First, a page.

The Nevada County Public Health Department continues to receive reports of Pertussis (Whooping Cough) which is widespread in western Nevada County. As of May 14, 2013, there have been 41 cases reported in 2013, 22 in the past three weeks. Patients have ranged from 3 months of age to seniors. No hospitalizations or deaths have been reported. 28 cases have been confirmed by laboratory testing or are closely linked to someone confirmed by testing. The health department continues to work with local healthcare providers to identify additional cases.
Infants are at the greatest risk of contracting Pertussis and having severe complications from it, so protecting infants is critical. Most babies who get ill with Pertussis get it from a household contact, often the mother or a brother or sister attending school; that is why those who are pregnant or live with or care for babies are a high priority for vaccination and children in school are a high priority for vaccinations. Vaccination for Pertussis has been shown to result in decreased severity of symptoms for individuals who do become infected.
Most adults in the US have not been recently vaccinated against Pertussis as many Americans don’t know that immunity from the vaccine (or from the illness) wanes with time and a booster is recommended. In outbreaks, cases of whooping cough occur in vaccinated and unvaccinated individuals. However, unvaccinated children are at least 8 times more likely than fully vaccinated children to get Pertussis, according to the Centers for Disease Control and Prevention (CDC).
Pertussis vaccines are recommended for people of all ages. Infants and children should receive five doses of DTaP for protections. Doses are given at 2, 4, and 6 months, then between 15-18 months and again at 4-6 years of age. Infant vaccination can start as early as 6 weeks of age. A booster of Tdap is given to pre-teens 10-12 years of age. Almost all adolescents or adults who did not receive Tdap as a pre-teen are recommended to receive one. Tdap is particularly important for pregnant women and others who care for infants. A new recommendation is that pregnant women receive a Tdap with each pregnancy.
Pertussis is a bacterium that spreads easily from person-to-person through coughing and sneezing. Pertussis outbreaks are difficult to manage because Pertussis starts off looking like a common-cold before the characteristic whoop or coughing fits appear. Also, patients with Pertussis are considered contagious from the onset of symptoms until 3 weeks of cough or 5 days of effective antibiotics. After exposure, Pertussis can incubate in the body for up to 3 weeks before symptoms start. The vaccine is effective but not 100% and immunity wanes. Plus, many people with Pertussis never seek medical care. All these factors mean that Pertussis outbreaks can last for months.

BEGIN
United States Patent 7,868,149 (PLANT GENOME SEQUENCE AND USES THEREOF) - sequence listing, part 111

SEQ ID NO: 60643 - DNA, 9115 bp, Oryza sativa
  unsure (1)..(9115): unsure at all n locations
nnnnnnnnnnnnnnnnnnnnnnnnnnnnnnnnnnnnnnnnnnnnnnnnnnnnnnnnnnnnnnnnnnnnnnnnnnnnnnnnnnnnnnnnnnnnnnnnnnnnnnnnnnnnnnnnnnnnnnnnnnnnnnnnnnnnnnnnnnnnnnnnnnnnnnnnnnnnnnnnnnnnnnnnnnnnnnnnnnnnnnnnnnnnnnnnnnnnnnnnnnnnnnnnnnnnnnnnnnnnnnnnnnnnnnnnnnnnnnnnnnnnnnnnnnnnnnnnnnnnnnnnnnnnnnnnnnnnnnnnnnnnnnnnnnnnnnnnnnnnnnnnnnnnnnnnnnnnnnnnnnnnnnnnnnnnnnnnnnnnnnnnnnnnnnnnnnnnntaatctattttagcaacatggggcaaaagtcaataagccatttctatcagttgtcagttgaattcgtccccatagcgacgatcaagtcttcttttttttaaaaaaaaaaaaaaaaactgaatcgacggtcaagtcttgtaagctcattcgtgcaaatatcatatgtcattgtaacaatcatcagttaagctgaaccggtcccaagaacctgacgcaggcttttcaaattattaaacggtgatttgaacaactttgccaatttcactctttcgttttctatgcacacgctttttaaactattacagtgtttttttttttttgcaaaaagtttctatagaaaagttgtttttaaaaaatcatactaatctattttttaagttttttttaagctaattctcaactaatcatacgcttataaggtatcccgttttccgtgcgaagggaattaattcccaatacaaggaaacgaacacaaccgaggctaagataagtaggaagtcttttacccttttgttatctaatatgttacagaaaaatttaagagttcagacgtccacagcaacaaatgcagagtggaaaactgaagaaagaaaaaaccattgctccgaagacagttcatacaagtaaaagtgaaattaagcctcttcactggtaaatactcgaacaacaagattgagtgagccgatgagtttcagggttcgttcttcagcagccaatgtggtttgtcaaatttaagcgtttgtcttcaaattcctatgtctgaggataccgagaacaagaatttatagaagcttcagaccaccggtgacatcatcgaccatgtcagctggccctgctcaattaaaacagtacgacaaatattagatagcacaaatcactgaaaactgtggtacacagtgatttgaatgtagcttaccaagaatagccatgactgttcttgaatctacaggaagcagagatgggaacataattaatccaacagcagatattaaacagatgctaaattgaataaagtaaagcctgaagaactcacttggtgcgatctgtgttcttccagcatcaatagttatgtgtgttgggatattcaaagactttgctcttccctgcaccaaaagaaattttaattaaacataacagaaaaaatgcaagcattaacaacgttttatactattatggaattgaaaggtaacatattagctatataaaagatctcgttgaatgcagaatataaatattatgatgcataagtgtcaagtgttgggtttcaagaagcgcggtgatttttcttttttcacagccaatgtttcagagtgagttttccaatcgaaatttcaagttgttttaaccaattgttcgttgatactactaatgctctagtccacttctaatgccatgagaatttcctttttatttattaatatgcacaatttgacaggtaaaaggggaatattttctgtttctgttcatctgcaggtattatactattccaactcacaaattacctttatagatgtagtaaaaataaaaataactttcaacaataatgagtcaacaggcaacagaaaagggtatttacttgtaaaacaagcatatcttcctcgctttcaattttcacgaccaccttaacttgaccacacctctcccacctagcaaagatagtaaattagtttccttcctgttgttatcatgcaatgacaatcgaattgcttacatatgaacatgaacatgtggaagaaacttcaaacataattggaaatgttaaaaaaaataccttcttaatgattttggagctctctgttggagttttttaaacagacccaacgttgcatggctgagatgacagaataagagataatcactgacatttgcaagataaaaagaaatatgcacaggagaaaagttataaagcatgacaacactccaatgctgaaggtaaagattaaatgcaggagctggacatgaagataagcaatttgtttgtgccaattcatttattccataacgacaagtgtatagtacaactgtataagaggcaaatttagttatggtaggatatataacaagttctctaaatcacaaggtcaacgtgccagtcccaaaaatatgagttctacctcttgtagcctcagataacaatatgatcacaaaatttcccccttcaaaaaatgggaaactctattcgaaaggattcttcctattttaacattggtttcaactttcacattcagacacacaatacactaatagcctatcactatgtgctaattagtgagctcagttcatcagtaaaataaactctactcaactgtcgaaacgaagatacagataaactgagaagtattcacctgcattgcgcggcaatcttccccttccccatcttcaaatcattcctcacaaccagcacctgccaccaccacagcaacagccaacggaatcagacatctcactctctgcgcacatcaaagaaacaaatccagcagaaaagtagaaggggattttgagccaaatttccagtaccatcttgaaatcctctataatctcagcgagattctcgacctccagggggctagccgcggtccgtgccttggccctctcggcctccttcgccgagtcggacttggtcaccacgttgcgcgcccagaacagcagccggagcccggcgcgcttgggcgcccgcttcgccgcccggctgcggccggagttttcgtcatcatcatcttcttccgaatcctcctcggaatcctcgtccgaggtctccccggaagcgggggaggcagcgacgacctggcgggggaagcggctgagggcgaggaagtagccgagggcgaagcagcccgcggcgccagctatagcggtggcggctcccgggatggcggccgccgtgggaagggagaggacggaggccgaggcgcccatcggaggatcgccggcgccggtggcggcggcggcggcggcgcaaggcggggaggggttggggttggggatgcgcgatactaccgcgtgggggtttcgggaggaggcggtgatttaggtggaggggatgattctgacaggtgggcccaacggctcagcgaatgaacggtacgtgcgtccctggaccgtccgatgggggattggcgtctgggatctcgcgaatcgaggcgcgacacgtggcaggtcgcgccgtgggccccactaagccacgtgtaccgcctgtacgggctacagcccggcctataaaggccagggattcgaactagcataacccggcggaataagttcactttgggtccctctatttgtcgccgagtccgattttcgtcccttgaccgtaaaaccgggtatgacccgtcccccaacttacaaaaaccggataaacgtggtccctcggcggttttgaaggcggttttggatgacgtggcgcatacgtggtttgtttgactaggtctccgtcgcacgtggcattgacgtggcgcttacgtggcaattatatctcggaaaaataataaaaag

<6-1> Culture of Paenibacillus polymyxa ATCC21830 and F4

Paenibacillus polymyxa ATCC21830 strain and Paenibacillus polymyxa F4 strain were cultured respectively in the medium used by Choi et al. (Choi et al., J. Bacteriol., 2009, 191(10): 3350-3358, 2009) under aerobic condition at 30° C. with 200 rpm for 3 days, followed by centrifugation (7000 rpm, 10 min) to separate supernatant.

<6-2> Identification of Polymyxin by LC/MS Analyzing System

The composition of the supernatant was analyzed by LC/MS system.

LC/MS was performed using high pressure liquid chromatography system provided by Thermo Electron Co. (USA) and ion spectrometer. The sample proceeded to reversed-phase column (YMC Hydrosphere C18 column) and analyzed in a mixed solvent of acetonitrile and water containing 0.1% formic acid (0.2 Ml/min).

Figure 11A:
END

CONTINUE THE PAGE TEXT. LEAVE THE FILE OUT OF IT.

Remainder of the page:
Strategies to control Pertussis outbreaks include increasing immunization rates, especially for those who are around infants. Also, post-exposure antibiotics are recommended for household contacts of contagious patients as well as close contacts who are at high risk of more severe disease (such as pregnant women, infants, and those with weakened immune systems). As part of its investigation, the health department has been referring household and high-risk contacts to their regular healthcare providers for care.
Pertussis outbreaks occur every 3-5 years and the last large California outbreak was in 2010 when more than 9,000 cases were reported in the state.
Pertussis can cause serious illness, hospitalization and death — especially in infants who are too young to be well-protected by vaccines. You can help protect your baby from pertussis by:
- Getting a pertussis vaccine (Tdap) if you are pregnant
- Encouraging those around your baby to get a pertussis vaccine
- Making sure your baby gets his pertussis vaccines on time